In terms of professionalism, the quality of architecture is, of course, improving. However, when it comes to improvements of material quality, improvements are insignificant. Of course, new technology-friendly materials make screwing up nearly impossible. This is like assembling furniture with a screwdriver – you either get the final product or you don’t. Of course, you can use the wrong end of the screwdriver, but it will probably get you nowhere. For example, the house is decorated with Germany-made tiles: the seams are still sloppy in the Russian way, but it’s still better than if this house were stuccoed. Thus, the quality is improved simply because of sheer improvements in construction technologies. However, the client does not become more generous because of that. We have an example – Klenovy Dom (“Maple House”) housing complex nearby, on the waterfront. The location is really prestigious, and the price for the property in that complex is sky-high. However, we know the quality of execution of that complex, and how many sloppy screw-ups are there in it. Even with the highest of prices, you are not guaranteed against this kind of “Russian labor, inherently careless”.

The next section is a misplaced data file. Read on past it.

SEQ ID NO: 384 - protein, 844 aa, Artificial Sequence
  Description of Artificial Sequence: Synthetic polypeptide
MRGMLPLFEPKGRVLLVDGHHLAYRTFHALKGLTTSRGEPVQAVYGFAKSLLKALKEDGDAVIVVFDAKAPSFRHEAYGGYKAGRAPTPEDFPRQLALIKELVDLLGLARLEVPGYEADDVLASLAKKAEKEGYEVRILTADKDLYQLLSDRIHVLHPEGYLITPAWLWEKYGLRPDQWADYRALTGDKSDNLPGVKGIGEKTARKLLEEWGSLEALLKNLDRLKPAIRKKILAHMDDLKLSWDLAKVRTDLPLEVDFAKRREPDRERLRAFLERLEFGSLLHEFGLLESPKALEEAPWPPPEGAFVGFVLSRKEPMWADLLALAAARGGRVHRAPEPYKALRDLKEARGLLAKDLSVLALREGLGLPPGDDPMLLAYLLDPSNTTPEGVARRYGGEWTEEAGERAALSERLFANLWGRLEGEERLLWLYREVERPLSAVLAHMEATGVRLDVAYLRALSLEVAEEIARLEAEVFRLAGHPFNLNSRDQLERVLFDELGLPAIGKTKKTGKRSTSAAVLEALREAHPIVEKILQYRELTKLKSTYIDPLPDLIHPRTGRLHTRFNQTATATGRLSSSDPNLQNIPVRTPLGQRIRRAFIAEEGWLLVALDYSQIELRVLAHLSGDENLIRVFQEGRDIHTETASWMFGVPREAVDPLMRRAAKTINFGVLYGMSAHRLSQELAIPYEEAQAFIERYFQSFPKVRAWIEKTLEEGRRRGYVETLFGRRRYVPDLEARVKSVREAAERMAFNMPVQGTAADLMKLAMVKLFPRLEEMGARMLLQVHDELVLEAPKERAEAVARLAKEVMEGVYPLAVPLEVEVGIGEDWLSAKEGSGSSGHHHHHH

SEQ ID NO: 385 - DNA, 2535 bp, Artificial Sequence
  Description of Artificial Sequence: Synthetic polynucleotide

10 October 2017

author pht

Interviewed by:

Elena Petukhova
Translated by:
Anton Mizonov